NH DHHS Announces Release of CDC Report on Heroin

Concord, NH – A new report released by the Centers for Disease Control and

Prevention (CDC) shows New Hampshire is one of 28 states in the United

States that had a significant increase in heroin-related deaths between

2010 and 2012. The greatest increase was between 2010 and 2011, when the

rate of heroin deaths increased by 45%, the largest percentage increase in

one year since 1999. States that met specified standards for mortality

data were asked to participate in the analysis which included data

encompassing 56% of the US population and determined rates of death

associated with opioid pain relievers and heroin.

“The public health threat that heroin is posing is not limited to a

specific demographic,” said NH Public Health Director Dr. Jose Montero.

“Unfortunately every age group, both genders, and every income level is

being affected. The mindset that this is happening only in the big cities

has to change, we know from our emergency room surveillance data that this

is hitting communities around our State.”

A team of state epidemiologists and data analysts, including one from New

Hampshire’s Division of Public Health Services authored the CDC report.

The report also showed that the increase in heroin-related deaths is

paralleling a rise in use. According to the National Survey on Drug Use

and Health, heroin use among people ages 12 and older increased by 74%

between 2009 and 2012.

“This report confirms what we are seeing in our treatment facilities,” said

Bureau of Drug and Alcohol Services Director Joe Harding. “The number of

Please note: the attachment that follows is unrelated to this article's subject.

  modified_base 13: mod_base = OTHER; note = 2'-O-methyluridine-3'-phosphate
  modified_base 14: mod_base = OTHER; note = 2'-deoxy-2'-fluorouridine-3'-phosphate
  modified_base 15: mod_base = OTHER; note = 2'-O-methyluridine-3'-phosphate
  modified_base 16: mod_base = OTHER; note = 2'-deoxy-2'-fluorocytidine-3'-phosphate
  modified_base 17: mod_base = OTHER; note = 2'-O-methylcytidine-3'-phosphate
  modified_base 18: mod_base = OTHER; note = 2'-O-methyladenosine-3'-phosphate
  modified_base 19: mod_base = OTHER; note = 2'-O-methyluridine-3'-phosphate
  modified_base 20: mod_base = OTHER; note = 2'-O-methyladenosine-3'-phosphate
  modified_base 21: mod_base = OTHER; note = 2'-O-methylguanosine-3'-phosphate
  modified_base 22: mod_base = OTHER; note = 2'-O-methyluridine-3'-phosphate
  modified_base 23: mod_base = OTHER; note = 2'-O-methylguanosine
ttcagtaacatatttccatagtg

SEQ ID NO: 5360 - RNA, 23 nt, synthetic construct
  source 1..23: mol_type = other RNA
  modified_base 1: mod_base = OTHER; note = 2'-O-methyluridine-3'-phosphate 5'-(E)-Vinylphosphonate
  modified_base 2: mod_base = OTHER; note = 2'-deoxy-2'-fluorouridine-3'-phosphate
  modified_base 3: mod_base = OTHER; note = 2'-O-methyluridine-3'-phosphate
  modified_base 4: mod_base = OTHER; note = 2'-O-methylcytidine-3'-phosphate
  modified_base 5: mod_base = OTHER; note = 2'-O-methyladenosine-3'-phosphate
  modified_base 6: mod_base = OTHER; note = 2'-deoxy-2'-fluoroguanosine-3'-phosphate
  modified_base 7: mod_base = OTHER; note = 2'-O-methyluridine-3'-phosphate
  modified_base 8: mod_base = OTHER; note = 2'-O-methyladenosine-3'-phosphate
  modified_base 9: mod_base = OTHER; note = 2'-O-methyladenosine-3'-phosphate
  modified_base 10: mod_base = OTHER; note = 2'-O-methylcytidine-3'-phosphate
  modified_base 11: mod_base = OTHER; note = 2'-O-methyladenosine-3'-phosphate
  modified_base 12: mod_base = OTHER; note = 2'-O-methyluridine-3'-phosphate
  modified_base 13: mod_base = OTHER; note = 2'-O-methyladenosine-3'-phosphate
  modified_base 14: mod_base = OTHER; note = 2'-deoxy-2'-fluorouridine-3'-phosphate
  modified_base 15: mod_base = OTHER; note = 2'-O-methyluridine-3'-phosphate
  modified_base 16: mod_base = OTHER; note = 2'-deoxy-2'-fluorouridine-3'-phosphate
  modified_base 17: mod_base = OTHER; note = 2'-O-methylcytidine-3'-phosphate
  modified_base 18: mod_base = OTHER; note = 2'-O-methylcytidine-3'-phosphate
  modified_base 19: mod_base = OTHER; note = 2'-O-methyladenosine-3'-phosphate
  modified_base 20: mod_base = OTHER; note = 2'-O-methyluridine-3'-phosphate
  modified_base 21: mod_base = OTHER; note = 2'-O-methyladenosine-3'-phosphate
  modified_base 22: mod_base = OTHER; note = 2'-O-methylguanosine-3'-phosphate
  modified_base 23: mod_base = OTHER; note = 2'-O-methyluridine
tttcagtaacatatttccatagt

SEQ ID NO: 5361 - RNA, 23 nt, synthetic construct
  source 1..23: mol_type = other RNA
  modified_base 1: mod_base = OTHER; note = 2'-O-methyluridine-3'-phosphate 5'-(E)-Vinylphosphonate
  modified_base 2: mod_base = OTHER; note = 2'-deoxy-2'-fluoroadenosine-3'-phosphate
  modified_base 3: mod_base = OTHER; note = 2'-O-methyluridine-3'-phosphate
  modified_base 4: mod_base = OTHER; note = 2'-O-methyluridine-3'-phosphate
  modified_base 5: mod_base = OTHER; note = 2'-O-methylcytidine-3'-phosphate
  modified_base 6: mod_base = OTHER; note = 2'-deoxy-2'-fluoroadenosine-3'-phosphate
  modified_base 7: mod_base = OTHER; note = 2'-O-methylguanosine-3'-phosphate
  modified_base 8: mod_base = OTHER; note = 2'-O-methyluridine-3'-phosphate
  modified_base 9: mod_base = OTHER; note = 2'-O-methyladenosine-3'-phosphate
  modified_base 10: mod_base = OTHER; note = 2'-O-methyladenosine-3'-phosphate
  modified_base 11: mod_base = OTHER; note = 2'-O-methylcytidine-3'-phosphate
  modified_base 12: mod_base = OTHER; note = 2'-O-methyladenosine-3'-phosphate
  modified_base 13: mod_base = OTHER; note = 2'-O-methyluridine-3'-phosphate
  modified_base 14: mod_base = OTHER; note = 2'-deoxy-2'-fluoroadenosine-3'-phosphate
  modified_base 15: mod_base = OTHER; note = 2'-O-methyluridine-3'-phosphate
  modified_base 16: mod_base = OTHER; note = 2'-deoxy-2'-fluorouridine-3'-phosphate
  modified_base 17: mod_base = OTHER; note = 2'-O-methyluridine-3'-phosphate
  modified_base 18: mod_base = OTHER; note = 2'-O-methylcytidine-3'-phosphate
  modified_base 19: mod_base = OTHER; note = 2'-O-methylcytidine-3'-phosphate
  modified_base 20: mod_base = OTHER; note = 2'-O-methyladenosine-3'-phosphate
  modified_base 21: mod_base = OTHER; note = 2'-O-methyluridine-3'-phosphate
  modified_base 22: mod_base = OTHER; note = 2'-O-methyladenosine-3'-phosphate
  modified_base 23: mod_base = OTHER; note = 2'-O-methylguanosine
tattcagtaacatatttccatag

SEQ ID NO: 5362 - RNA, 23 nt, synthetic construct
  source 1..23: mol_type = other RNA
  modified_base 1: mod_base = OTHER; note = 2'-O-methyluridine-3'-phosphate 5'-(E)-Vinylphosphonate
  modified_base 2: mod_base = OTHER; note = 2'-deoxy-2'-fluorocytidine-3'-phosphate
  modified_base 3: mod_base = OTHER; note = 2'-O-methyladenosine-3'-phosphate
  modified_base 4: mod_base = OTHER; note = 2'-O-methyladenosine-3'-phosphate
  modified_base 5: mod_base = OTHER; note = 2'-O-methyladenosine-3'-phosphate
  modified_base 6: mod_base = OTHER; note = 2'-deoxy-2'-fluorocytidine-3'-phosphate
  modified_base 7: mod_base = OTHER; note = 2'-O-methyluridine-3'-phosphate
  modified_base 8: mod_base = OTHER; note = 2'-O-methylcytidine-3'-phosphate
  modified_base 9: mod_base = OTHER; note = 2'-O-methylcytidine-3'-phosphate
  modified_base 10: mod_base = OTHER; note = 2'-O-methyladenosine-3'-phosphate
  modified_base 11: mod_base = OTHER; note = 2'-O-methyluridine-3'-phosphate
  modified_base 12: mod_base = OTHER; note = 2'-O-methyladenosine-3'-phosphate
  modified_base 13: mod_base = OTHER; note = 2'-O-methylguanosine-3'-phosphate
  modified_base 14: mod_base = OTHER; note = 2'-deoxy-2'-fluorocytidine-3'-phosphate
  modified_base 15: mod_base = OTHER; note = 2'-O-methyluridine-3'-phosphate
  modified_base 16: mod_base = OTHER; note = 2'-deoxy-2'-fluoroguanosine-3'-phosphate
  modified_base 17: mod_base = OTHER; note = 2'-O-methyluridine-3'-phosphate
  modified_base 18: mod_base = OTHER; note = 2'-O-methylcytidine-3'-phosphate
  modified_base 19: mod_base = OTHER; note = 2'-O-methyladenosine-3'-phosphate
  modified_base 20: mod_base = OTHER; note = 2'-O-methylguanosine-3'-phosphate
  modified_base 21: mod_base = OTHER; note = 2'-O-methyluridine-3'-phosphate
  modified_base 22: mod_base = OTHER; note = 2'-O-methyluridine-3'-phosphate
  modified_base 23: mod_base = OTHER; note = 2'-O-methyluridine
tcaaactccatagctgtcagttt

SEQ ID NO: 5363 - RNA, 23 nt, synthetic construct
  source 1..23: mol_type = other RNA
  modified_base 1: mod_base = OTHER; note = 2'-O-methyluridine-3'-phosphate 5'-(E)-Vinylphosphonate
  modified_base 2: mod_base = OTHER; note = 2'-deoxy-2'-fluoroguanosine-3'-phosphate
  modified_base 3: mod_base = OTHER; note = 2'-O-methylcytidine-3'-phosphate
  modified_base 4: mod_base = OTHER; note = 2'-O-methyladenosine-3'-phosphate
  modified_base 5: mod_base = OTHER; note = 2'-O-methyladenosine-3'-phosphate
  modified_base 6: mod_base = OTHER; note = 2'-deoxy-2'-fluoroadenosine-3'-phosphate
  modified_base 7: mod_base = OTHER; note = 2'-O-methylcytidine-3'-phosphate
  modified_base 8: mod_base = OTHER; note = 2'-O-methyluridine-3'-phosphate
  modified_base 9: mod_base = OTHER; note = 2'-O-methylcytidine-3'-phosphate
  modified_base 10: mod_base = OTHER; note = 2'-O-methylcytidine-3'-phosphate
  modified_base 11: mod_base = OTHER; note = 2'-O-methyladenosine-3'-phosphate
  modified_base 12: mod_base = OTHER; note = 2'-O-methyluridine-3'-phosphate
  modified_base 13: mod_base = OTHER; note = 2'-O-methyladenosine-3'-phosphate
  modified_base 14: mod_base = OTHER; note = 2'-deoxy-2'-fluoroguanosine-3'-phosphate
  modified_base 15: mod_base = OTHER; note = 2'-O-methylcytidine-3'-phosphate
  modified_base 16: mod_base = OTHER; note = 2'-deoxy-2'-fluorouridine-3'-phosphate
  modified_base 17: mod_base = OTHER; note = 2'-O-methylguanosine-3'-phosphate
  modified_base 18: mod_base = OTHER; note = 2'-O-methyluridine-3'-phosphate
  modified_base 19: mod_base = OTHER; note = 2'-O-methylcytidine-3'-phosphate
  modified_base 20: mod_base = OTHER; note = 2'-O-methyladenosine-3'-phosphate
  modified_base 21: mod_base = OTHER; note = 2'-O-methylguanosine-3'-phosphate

people seeking treatment for heroin addiction has increased by 50% over the

last ten years, with the largest jump between 2011 and 2012. It is related

to the prescription drug abuse problem in that people are becoming

dependent on prescription opioid pain relievers and switching to heroin

because it is cheaper and often more available.”

The CDC reported noted that the highest heroin death rate was among

non-Hispanic white 25 to 34 year olds and was twice as high for males as it

was for females. The state is working to combat the public health threat

through multi-sector task forces of the NH Governor’s Commission on Alcohol

and Drug Abuse Prevention, Treatment and Recovery. The Attorney General’s

office is pursuing illicit drug sales, and the Governor’s office is

studying making naloxone more widely available, which is a drug that can be

administered quickly to prevent death in overdose cases. The Bureau is also

supporting physicians getting trained in medication-assisted treatment that

reduce cravings so that treatment programs and counseling have a better

chance of helping someone into recovery.

For more information about the report, log on to www.cdc.org . For

information on treatment and recovery support for someone who may be using

heroin or misusing prescription pain relievers, call 1-800-804-0909